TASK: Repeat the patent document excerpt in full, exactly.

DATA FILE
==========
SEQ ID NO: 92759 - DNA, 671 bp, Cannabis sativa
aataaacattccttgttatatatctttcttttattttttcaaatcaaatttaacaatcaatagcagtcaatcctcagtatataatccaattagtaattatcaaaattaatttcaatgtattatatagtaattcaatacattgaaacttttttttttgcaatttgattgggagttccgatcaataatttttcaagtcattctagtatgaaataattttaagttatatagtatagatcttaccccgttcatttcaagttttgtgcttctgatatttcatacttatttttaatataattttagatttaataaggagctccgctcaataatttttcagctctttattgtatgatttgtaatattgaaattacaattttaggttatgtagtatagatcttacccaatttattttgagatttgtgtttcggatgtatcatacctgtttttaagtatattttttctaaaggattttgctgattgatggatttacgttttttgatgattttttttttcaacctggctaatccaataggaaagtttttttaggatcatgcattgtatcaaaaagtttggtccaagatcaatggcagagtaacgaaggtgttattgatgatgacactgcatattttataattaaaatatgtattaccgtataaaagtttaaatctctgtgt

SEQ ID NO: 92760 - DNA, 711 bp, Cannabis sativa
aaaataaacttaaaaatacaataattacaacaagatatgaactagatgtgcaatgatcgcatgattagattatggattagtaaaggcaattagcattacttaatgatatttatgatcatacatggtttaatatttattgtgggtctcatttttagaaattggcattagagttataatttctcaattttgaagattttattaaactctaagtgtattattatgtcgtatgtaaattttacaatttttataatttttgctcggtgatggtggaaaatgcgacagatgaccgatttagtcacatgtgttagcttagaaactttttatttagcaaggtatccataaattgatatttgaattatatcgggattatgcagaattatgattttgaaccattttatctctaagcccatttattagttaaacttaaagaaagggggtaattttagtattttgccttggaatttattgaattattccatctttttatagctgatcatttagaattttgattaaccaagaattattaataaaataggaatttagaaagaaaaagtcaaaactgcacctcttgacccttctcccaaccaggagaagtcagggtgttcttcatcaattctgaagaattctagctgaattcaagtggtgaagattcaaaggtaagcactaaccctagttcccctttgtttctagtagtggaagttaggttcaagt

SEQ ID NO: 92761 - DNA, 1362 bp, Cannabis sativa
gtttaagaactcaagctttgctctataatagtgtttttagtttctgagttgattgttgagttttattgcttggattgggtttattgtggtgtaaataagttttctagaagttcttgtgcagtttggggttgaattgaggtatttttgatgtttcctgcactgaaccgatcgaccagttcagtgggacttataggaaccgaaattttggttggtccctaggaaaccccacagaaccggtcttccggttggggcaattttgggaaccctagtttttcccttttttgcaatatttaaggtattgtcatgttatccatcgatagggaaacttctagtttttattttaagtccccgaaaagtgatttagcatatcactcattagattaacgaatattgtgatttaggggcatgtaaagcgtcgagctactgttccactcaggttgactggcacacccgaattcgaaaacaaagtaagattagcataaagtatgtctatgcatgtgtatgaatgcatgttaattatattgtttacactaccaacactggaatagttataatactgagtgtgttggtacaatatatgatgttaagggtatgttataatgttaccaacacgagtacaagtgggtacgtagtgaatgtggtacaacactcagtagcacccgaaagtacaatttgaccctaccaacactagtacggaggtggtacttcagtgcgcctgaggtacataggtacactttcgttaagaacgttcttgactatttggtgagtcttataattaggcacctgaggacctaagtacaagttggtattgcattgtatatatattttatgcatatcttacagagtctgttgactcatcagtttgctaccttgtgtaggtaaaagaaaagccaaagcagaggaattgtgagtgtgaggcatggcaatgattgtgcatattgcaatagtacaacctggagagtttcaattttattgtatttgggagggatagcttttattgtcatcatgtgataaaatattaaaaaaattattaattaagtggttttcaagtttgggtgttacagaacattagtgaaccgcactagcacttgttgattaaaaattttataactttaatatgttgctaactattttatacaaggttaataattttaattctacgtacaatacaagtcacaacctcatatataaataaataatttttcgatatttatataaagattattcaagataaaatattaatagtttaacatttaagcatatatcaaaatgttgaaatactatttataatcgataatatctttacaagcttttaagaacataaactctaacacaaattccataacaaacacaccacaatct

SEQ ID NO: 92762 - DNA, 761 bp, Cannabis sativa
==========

SEQ ID NO: 92759 - DNA, 671 bp, Cannabis sativa
aataaacattccttgttatatatctttcttttattttttcaaatcaaatttaacaatcaatagcagtcaatcctcagtatataatccaattagtaattatcaaaattaatttcaatgtattatatagtaattcaatacattgaaacttttttttttgcaatttgattgggagttccgatcaataatttttcaagtcattctagtatgaaataattttaagttatatagtatagatcttaccccgttcatttcaagttttgtgcttctgatatttcatacttatttttaatataattttagatttaataaggagctccgctcaataatttttcagctctttattgtatgatttgtaatattgaaattacaattttaggttatgtagtatagatcttacccaatttattttgagatttgtgtttcggatgtatcatacctgtttttaagtatattttttctaaaggattttgctgattgatggatttacgttttttgatgattttttttttcaacctggctaatccaataggaaagtttttttaggatcatgcattgtatcaaaaagtttggtccaagatcaatggcagagtaacgaaggtgttattgatgatgacactgcatattttataattaaaatatgtattaccgtataaaagtttaaatctctgtgt

SEQ ID NO: 92760 - DNA, 711 bp, Cannabis sativa
aaaataaacttaaaaatacaataattacaacaagatatgaactagatgtgcaatgatcgcatgattagattatggattagtaaaggcaattagcattacttaatgatatttatgatcatacatggtttaatatttattgtgggtctcatttttagaaattggcattagagttataatttctcaattttgaagattttattaaactctaagtgtattattatgtcgtatgtaaattttacaatttttataatttttgctcggtgatggtggaaaatgcgacagatgaccgatttagtcacatgtgttagcttagaaactttttatttagcaaggtatccataaattgatatttgaattatatcgggattatgcagaattatgattttgaaccattttatctctaagcccatttattagttaaacttaaagaaagggggtaattttagtattttgccttggaatttattgaattattccatctttttatagctgatcatttagaattttgattaaccaagaattattaataaaataggaatttagaaagaaaaagtcaaaactgcacctcttgacccttctcccaaccaggagaagtcagggtgttcttcatcaattctgaagaattctagctgaattcaagtggtgaagattcaaaggtaagcactaaccctagttcccctttgtttctagtagtggaagttaggttcaagt

SEQ ID NO: 92761 - DNA, 1362 bp, Cannabis sativa
gtttaagaactcaagctttgctctataatagtgtttttagtttctgagttgattgttgagttttattgcttggattgggtttattgtggtgtaaataagttttctagaagttcttgtgcagtttggggttgaattgaggtatttttgatgtttcctgcactgaaccgatcgaccagttcagtgggacttataggaaccgaaattttggttggtccctaggaaaccccacagaaccggtcttccggttggggcaattttgggaaccctagtttttcccttttttgcaatatttaaggtattgtcatgttatccatcgatagggaaacttctagtttttattttaagtccccgaaaagtgatttagcatatcactcattagattaacgaatattgtgatttaggggcatgtaaagcgtcgagctactgttccactcaggttgactggcacacccgaattcgaaaacaaagtaagattagcataaagtatgtctatgcatgtgtatgaatgcatgttaattatattgtttacactaccaacactggaatagttataatactgagtgtgttggtacaatatatgatgttaagggtatgttataatgttaccaacacgagtacaagtgggtacgtagtgaatgtggtacaacactcagtagcacccgaaagtacaatttgaccctaccaacactagtacggaggtggtacttcagtgcgcctgaggtacataggtacactttcgttaagaacgttcttgactatttggtgagtcttataattaggcacctgaggacctaagtacaagttggtattgcattgtatatatattttatgcatatcttacagagtctgttgactcatcagtttgctaccttgtgtaggtaaaagaaaagccaaagcagaggaattgtgagtgtgaggcatggcaatgattgtgcatattgcaatagtacaacctggagagtttcaattttattgtatttgggagggatagcttttattgtcatcatgtgataaaatattaaaaaaattattaattaagtggttttcaagtttgggtgttacagaacattagtgaaccgcactagcacttgttgattaaaaattttataactttaatatgttgctaactattttatacaaggttaataattttaattctacgtacaatacaagtcacaacctcatatataaataaataatttttcgatatttatataaagattattcaagataaaatattaatagtttaacatttaagcatatatcaaaatgttgaaatactatttataatcgataatatctttacaagcttttaagaacataaactctaacacaaattccataacaaacacaccacaatct

SEQ ID NO: 92762 - DNA, 761 bp, Cannabis sativa